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A character review of Mr. Stevens

When I discuss The Remains of the Day, I’m going to refer to the film version. Emma Thompson plays a brilliant supporting role, and her character truly shines in the movie. Let’s dissect and compare to period dramas about servant life.

The Remains of the day: a depressing story

Stevens is an exceptionally strange man. He reads sentimental romance, is very solitary and expresses no outwards emotions. I’m quite convinced he’s a sociopath by his portrayal  in the film adaptation. And then there’s Miss Kenton, his confidant and housekeeper, who tries her best to connect with him. She’s very much the opposite of Stevens; heartfelt, kindhearted and sincere. Their relationship is most unfulfilling whilst they inhabit Lord Darlington’s manor together. They argue over anything and everything, from Stevens Senior’s ability to work, to the German maids’ ability to work because of their Jewish heritage.

Eventually, she goes off to marry another man because Miss Kenton cannot bear her unrequited love for Stevens any longer. This is in part because the under-maid gets married to her sweetheart, despite being naive and poor (qualities which she dislikes). Eventually, Mr Stevens realises his mistakes; not just about serving Lord Darlington too loyally, and about the German Nazis. He meets his comrade, now Miss Benn, for lunch and then a stroll around the beach pier. They talk, about how her life has changed, highlighting the lack of change in his life. Mrs Benn remarks how her life became better once her daughter was born. As he says goodbye to her on the bus in the rain, Stevens comments that he was “too busy serving to notice” any discussion that happened. Even at that point, after his employer’s death, Stevens never once reaches out to Mrs Benn. Historically accurate? Maybe, but it lacks the passion that stories such as War and Peace has.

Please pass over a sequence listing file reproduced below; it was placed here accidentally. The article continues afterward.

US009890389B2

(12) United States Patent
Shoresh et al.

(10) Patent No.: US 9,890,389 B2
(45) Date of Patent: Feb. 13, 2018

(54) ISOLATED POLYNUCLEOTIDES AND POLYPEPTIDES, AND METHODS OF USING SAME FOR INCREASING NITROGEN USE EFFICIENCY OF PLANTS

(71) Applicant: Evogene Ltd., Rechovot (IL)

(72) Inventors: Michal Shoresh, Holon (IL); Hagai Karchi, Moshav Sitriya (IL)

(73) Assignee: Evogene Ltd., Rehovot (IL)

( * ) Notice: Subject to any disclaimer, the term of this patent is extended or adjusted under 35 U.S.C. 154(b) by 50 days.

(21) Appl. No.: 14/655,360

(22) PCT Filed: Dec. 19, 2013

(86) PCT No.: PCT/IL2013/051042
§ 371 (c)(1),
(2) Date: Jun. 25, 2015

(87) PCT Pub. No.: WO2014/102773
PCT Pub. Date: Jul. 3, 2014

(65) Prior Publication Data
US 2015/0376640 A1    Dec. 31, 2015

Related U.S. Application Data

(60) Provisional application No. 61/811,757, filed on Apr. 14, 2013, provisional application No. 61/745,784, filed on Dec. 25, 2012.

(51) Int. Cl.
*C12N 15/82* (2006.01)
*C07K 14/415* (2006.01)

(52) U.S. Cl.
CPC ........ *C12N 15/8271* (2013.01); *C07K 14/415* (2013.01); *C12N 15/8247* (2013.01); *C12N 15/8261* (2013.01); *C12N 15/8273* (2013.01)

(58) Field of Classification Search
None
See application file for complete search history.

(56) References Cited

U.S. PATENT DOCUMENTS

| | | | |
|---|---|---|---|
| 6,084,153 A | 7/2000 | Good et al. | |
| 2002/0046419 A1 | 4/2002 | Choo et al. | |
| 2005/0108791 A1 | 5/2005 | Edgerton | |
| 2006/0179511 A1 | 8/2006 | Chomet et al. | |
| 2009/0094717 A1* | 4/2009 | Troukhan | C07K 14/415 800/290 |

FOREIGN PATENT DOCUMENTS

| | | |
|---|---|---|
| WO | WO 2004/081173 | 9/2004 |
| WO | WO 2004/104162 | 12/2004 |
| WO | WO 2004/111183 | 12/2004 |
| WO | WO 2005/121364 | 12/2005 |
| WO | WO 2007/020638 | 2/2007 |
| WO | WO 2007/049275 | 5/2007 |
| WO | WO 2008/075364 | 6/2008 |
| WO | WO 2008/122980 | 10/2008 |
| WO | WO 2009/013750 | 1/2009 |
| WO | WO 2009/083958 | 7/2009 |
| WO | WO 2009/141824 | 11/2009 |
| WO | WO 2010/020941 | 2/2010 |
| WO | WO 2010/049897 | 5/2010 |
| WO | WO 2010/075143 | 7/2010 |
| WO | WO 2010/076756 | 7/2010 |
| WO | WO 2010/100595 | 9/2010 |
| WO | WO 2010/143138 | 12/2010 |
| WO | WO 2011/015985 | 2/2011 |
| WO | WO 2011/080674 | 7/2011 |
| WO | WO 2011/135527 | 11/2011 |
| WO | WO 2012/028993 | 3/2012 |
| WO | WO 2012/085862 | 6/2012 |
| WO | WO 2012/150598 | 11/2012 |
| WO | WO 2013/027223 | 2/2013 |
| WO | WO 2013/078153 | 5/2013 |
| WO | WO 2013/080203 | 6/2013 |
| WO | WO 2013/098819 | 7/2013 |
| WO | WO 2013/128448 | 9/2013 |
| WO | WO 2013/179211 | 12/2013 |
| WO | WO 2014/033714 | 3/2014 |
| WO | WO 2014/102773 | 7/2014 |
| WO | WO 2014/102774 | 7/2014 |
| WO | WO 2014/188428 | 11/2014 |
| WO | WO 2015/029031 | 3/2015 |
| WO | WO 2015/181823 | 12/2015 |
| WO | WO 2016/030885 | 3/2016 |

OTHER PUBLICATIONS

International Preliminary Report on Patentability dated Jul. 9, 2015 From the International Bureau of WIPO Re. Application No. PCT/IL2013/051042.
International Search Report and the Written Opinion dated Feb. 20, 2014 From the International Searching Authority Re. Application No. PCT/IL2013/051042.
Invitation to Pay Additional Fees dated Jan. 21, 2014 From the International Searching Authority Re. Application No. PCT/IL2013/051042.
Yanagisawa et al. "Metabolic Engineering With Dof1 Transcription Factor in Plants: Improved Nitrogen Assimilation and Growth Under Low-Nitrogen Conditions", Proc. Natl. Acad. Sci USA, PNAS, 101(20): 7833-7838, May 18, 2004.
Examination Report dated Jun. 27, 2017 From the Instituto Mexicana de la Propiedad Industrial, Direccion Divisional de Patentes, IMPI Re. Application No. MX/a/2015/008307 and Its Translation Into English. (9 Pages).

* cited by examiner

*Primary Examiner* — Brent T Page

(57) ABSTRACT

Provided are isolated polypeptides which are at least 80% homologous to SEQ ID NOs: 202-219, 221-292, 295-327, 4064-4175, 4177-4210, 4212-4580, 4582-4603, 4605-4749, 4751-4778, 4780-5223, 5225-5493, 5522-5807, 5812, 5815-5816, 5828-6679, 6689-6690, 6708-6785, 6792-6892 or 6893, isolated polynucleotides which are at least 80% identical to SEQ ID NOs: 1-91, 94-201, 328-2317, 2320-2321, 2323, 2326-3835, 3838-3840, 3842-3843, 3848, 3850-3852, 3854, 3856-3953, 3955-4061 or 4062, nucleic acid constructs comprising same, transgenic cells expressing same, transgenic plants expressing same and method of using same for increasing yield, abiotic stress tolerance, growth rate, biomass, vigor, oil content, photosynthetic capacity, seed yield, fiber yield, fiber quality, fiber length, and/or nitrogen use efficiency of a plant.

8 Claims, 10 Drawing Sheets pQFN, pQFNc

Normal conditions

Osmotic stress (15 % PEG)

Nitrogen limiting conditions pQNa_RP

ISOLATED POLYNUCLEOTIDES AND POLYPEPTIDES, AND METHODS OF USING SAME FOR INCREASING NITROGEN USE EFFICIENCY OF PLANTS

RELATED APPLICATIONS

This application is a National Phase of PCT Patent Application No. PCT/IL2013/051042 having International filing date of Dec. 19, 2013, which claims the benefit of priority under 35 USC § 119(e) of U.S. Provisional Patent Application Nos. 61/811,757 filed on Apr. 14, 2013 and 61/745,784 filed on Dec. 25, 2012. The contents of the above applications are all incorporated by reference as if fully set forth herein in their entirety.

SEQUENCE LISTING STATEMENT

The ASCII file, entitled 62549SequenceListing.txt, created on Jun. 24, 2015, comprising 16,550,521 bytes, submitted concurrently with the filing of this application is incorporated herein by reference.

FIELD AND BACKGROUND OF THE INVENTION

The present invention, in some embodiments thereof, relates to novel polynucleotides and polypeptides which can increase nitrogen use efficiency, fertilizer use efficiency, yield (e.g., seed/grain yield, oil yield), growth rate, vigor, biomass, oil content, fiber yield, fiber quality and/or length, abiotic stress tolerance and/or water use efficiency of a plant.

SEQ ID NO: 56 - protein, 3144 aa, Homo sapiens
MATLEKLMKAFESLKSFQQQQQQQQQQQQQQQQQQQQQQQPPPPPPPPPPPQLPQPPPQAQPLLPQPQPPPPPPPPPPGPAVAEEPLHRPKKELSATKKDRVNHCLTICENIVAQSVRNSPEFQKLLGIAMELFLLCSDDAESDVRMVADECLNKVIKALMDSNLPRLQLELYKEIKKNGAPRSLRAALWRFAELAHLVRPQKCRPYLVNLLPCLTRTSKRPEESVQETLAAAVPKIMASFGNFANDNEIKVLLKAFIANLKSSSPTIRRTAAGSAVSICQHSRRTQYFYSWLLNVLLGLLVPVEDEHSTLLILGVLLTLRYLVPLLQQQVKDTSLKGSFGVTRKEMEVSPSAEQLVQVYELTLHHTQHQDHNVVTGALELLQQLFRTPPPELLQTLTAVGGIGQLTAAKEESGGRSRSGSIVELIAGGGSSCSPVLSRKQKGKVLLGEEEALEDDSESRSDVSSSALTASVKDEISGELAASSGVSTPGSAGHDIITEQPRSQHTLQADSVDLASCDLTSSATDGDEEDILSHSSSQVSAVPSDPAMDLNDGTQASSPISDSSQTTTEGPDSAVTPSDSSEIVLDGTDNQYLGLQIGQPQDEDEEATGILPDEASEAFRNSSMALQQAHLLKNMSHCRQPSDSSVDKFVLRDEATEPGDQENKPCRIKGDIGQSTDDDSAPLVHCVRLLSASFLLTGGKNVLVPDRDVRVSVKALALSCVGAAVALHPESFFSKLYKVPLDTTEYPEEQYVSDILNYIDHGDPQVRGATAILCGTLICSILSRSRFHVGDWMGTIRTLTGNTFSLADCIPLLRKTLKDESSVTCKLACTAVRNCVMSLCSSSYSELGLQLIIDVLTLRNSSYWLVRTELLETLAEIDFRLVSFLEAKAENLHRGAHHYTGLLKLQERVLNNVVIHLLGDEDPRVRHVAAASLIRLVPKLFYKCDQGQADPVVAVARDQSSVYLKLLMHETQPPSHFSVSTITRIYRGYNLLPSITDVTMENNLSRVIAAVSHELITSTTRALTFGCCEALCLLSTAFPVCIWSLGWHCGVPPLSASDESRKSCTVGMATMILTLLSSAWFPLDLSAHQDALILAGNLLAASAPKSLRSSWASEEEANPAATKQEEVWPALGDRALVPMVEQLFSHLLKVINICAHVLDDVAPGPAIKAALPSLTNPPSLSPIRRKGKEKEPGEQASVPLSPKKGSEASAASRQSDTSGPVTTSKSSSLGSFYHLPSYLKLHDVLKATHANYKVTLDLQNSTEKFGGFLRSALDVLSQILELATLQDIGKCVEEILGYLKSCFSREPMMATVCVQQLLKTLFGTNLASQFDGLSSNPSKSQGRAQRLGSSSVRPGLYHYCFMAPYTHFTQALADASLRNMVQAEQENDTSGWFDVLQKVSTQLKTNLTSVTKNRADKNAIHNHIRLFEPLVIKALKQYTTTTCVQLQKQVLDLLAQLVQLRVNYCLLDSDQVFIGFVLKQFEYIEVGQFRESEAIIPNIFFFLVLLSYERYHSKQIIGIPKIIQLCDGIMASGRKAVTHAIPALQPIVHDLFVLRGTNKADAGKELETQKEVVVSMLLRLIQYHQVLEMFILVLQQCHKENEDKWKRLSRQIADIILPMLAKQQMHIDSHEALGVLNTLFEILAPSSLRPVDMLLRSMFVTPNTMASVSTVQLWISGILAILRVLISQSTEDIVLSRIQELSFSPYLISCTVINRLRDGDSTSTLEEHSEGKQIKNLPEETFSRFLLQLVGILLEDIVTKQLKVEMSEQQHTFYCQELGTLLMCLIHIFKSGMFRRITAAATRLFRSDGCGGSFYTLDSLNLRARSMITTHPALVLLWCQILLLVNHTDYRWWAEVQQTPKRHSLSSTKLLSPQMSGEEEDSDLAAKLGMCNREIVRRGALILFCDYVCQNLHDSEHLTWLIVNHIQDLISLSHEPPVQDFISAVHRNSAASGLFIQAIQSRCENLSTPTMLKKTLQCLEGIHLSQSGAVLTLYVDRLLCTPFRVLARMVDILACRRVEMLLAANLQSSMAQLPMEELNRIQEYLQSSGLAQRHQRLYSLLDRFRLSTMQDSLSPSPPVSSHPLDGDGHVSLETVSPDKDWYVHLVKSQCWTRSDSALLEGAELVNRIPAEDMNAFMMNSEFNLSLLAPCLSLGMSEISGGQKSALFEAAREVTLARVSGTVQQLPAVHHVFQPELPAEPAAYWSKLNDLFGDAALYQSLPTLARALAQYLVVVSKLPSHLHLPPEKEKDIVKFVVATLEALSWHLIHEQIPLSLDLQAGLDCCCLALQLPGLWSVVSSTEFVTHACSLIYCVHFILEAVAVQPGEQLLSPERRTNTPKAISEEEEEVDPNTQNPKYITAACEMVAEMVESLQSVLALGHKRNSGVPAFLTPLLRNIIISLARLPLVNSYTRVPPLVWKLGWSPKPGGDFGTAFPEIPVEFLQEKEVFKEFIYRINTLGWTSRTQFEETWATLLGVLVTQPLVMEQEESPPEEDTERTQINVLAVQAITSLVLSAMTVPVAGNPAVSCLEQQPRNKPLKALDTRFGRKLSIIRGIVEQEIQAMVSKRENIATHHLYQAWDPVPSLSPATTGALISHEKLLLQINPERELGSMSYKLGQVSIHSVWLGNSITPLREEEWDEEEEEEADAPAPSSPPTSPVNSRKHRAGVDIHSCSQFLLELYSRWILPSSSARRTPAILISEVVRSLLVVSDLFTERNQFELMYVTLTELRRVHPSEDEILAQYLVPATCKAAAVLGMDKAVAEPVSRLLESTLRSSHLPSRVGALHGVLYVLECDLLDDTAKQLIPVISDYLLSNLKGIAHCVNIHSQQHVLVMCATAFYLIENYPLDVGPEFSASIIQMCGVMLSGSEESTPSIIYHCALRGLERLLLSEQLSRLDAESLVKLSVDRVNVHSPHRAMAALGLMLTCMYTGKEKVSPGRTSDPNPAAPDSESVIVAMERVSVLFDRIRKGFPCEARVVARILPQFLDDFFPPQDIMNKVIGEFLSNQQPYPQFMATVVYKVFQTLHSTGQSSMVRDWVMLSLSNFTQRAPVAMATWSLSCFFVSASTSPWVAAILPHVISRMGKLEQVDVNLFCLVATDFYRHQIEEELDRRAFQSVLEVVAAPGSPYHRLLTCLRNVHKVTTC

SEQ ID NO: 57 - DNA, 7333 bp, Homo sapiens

Downtown Abbey: the recovery of a lost plot line?

Let’s talk about Anna and Master Bates in this series. There are hints of Jane Eyre in this romantic subplot, because Master Bates is married before they meet. Like Miss Kenton and Mr. Stevens, they work together. Their marriage is shadowed by the fact that Anna is late in getting married, and could be past the age of childbirth (with many miscarriages in her  marriage). Fortunately, their ending has a more satisfying outcome, with understanding employers and starting a family. Downtown Abbey is set up like a happy family, as Anna is close to Mary and Edith, whilst Sybil married the chauffeur Tom. Carson and Mrs Hughes marry as well, much to the celebration of the family and staff. With Edith as an editor of a magazine and Mary in charge of the household without the need for a husband, it’s a more modern take on aristocratic life.

The conclusion? Downton Abbey places more emphasis on the lives of the noble family living there, without detaching from human emotions. Whilst Remains of the Day uncovers the secret lives of servants, whilst removing them from current household affairs (to a degree).

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